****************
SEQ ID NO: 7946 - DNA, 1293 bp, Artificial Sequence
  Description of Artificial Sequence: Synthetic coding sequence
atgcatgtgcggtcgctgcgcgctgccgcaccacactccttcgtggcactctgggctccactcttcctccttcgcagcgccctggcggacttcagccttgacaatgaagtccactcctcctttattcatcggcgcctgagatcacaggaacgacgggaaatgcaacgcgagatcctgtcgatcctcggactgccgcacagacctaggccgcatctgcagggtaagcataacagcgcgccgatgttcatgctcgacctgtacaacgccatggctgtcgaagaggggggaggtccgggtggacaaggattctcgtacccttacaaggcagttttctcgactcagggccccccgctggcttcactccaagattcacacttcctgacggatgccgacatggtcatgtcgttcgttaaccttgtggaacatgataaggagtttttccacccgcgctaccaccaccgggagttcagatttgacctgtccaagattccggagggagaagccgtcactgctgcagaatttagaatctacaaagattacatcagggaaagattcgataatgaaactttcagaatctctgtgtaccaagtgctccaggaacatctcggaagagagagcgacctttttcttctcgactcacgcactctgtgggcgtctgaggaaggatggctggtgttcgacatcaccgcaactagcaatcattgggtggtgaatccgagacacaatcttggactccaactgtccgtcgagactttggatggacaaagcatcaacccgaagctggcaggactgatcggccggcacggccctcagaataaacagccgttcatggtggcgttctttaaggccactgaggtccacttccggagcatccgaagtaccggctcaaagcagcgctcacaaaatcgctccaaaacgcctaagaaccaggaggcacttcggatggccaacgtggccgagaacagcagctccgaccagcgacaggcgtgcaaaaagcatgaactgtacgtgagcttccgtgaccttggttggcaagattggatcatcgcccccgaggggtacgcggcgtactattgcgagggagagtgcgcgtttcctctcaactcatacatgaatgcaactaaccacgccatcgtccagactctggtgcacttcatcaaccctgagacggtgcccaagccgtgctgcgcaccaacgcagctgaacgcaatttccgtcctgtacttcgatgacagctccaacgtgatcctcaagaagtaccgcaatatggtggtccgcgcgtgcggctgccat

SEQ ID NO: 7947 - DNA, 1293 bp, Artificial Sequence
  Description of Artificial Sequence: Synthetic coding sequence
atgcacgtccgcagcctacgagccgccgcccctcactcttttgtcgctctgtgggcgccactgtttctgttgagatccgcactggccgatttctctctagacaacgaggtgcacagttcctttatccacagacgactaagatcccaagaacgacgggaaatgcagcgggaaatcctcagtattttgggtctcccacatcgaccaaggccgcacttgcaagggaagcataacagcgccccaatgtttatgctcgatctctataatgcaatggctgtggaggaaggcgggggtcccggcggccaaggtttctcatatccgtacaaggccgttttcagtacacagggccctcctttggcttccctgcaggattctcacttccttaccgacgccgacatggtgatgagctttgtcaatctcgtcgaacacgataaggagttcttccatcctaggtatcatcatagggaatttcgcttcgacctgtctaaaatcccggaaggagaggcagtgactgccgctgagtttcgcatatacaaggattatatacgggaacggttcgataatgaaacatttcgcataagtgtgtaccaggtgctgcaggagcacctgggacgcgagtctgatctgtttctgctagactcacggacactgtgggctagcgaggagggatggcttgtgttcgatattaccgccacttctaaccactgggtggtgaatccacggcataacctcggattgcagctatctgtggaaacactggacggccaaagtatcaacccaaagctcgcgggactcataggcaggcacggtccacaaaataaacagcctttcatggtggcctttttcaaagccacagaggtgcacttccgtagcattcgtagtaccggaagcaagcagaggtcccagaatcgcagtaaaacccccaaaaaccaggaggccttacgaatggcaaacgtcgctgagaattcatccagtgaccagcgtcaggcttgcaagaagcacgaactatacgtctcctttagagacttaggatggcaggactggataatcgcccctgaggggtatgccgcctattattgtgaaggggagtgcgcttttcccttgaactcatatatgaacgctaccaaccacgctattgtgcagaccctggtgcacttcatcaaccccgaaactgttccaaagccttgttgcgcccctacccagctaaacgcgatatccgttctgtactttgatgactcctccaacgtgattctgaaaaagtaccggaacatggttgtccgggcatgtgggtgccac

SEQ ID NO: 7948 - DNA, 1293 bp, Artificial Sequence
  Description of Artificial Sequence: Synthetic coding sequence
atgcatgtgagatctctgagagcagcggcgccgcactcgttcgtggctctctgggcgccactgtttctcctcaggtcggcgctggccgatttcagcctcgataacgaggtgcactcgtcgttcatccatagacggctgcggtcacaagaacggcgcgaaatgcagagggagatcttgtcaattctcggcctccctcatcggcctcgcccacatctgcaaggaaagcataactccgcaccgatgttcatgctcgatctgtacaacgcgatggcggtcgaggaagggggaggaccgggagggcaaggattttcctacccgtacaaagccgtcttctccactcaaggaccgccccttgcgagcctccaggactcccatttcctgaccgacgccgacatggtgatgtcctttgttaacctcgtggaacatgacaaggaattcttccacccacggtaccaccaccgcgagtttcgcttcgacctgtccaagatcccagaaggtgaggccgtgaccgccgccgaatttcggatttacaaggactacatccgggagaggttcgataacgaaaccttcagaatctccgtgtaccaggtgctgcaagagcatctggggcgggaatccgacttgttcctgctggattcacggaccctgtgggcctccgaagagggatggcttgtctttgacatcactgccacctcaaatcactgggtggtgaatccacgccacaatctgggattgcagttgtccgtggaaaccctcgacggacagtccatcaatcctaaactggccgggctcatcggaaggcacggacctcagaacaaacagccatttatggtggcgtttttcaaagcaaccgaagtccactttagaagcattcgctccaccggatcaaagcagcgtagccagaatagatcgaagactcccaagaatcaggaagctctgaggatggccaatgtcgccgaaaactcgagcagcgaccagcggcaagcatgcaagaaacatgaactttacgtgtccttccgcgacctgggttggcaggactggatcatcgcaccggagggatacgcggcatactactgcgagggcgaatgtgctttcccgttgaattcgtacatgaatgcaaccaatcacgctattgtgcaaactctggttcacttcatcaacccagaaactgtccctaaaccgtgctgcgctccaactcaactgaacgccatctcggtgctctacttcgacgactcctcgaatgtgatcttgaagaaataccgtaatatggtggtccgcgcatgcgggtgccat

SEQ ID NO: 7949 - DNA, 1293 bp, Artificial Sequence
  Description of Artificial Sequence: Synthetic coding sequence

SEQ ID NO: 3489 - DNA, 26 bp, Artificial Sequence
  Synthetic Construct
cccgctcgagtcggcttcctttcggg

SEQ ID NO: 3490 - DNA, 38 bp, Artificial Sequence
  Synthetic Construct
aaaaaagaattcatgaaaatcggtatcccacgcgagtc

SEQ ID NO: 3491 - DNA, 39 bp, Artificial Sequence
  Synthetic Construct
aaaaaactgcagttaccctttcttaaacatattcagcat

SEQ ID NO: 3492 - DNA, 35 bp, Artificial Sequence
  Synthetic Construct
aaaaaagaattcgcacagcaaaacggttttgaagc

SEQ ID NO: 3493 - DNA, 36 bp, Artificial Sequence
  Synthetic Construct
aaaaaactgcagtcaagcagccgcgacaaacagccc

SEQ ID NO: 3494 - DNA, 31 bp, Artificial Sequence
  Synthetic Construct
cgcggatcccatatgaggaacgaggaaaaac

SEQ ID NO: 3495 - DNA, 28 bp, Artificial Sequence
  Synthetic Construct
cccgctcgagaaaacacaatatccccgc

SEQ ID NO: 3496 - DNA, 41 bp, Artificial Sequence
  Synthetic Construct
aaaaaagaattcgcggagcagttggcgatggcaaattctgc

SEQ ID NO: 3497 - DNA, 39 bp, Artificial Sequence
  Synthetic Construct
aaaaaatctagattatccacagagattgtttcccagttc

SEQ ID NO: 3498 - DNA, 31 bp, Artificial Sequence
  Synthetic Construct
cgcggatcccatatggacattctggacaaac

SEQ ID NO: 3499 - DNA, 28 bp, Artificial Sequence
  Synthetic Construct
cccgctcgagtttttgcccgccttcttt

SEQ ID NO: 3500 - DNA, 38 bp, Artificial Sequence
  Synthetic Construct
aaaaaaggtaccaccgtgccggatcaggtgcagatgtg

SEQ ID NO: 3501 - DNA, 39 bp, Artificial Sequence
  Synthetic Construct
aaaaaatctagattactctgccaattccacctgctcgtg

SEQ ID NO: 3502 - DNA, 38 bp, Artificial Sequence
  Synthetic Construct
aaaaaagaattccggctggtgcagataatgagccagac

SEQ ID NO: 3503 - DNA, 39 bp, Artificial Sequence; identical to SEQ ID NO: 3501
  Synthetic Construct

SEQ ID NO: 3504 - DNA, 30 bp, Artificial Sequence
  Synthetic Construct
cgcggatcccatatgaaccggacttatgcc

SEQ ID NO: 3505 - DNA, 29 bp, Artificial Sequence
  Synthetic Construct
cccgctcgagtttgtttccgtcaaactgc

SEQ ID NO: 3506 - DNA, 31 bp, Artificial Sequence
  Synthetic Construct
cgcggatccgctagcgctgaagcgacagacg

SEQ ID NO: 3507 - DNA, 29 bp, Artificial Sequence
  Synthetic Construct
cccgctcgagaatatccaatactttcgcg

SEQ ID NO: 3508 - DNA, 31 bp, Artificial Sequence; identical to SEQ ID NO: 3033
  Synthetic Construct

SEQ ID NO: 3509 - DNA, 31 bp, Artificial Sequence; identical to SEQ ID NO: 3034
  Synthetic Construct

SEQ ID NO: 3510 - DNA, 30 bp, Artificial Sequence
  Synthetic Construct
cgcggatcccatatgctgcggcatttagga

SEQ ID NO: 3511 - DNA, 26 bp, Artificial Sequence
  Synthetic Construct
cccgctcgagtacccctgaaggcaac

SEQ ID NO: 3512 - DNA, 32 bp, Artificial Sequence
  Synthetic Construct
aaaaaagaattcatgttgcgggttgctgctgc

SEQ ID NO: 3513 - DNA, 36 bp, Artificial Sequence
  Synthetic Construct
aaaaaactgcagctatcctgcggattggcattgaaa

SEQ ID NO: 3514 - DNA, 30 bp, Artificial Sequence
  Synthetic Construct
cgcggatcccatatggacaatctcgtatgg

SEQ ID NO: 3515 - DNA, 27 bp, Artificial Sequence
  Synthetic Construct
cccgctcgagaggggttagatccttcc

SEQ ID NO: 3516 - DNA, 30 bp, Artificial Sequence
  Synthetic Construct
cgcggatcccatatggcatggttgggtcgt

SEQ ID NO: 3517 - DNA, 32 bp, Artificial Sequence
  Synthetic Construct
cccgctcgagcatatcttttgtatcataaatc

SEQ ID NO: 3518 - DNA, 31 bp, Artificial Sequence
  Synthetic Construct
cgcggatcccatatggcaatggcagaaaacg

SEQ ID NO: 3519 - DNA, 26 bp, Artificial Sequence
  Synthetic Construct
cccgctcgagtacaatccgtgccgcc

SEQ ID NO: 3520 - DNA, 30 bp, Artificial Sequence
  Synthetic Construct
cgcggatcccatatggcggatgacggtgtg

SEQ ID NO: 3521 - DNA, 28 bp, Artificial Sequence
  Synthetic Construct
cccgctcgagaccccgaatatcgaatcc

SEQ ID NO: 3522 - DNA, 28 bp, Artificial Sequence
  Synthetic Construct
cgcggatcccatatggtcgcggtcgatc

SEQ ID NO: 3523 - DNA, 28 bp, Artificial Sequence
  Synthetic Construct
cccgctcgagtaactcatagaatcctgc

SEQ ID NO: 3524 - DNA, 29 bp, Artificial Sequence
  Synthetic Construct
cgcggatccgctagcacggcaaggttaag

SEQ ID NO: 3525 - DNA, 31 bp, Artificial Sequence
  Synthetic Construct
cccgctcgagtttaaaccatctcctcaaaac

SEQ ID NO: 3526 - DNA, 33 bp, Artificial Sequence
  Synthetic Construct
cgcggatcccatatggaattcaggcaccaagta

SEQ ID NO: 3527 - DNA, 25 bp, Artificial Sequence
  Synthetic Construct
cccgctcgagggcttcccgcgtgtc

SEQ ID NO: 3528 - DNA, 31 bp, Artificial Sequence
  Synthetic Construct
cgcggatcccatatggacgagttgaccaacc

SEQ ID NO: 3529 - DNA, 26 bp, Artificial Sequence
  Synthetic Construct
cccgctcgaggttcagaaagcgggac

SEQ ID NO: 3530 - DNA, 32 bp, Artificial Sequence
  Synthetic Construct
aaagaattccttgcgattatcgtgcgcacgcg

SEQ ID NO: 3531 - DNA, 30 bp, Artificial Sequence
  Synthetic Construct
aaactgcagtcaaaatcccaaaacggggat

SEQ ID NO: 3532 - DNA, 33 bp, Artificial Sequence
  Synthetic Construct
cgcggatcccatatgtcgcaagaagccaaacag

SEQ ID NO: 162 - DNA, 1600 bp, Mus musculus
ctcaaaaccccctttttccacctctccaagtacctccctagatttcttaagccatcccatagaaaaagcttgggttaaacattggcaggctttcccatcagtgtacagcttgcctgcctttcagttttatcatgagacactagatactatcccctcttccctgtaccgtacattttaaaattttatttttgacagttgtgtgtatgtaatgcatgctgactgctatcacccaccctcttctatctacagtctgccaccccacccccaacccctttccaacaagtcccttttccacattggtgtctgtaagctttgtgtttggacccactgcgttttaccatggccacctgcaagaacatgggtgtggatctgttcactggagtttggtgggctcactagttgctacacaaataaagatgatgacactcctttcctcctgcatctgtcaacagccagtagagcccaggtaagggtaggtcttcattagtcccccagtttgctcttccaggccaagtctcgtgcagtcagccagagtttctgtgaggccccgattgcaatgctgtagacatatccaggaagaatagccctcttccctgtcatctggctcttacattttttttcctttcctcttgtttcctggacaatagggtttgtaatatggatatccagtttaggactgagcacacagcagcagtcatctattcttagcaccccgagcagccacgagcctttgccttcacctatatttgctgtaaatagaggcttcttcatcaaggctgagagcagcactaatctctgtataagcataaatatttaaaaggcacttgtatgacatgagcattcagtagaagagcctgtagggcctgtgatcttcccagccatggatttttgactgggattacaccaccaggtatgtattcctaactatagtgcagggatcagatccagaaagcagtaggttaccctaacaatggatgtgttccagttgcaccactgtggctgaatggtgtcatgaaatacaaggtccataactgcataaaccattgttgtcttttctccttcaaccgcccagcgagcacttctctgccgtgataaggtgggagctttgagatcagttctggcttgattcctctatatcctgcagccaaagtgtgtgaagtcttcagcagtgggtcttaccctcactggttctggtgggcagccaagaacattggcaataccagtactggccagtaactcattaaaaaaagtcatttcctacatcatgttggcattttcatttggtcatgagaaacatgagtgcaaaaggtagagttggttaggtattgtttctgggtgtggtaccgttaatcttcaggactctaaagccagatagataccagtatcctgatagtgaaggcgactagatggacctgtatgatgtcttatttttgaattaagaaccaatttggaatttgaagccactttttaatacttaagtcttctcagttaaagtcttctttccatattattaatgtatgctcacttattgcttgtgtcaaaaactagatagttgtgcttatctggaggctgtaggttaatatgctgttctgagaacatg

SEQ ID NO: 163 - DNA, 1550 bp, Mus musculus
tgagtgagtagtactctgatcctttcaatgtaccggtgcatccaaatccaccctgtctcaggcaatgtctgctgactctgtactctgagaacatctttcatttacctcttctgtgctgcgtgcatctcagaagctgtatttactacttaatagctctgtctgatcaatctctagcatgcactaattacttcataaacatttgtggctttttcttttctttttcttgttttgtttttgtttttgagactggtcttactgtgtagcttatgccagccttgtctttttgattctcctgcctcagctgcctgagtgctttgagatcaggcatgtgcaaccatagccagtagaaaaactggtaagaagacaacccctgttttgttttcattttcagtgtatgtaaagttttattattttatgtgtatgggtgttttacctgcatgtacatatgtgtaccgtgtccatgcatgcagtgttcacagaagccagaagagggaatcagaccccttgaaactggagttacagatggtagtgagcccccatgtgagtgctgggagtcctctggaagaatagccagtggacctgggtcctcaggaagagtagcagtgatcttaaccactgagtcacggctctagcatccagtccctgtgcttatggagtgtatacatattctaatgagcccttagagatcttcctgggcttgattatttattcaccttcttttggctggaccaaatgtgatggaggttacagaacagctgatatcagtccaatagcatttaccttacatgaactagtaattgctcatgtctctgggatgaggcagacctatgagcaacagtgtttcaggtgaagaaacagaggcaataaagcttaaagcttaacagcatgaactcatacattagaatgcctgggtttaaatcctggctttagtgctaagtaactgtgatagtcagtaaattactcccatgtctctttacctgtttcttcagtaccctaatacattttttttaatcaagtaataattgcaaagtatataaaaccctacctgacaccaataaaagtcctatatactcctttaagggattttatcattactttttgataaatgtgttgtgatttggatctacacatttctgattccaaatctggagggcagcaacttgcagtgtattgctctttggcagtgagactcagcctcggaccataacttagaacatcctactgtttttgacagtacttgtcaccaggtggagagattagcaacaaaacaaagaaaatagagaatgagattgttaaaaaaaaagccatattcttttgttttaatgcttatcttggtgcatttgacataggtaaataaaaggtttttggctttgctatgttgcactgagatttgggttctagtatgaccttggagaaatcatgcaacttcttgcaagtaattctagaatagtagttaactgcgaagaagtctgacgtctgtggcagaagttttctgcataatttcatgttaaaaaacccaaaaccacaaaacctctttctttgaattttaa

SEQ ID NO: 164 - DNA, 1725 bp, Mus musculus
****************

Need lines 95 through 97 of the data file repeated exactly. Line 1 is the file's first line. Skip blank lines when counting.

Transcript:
cccgctcgagcatatcttttgtatcataaatc

SEQ ID NO: 3518 - DNA, 31 bp, Artificial Sequence
  Synthetic Construct